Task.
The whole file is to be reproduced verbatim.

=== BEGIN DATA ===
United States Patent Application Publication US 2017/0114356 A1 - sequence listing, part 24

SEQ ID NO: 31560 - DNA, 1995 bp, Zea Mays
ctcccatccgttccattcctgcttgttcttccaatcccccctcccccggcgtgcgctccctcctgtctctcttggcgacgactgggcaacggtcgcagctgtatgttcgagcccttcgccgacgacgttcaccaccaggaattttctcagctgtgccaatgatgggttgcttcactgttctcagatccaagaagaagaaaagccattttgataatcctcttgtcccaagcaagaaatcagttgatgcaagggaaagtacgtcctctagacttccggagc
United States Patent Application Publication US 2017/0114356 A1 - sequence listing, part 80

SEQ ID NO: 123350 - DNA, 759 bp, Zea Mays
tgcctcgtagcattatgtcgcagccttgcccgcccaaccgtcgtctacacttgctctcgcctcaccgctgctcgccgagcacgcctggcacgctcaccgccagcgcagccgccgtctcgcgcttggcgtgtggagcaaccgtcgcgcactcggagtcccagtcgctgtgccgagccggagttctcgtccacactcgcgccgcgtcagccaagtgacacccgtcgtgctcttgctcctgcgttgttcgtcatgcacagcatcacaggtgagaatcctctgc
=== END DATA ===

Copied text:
United States Patent Application Publication US 2017/0114356 A1 - sequence listing, part 24

SEQ ID NO: 31560 - DNA, 1995 bp, Zea Mays
ctcccatccgttccattcctgcttgttcttccaatcccccctcccccggcgtgcgctccctcctgtctctcttggcgacgactgggcaacggtcgcagctgtatgttcgagcccttcgccgacgacgttcaccaccaggaattttctcagctgtgccaatgatgggttgcttcactgttctcagatccaagaagaagaaaagccattttgataatcctcttgtcccaagcaagaaatcagttgatgcaagggaaagtacgtcctctagacttccggagc
United States Patent Application Publication US 2017/0114356 A1 - sequence listing, part 80

SEQ ID NO: 123350 - DNA, 759 bp, Zea Mays
tgcctcgtagcattatgtcgcagccttgcccgcccaaccgtcgtctacacttgctctcgcctcaccgctgctcgccgagcacgcctggcacgctcaccgccagcgcagccgccgtctcgcgcttggcgtgtggagcaaccgtcgcgcactcggagtcccagtcgctgtgccgagccggagttctcgtccacactcgcgccgcgtcagccaagtgacacccgtcgtgctcttgctcctgcgttgttcgtcatgcacagcatcacaggtgagaatcctctgc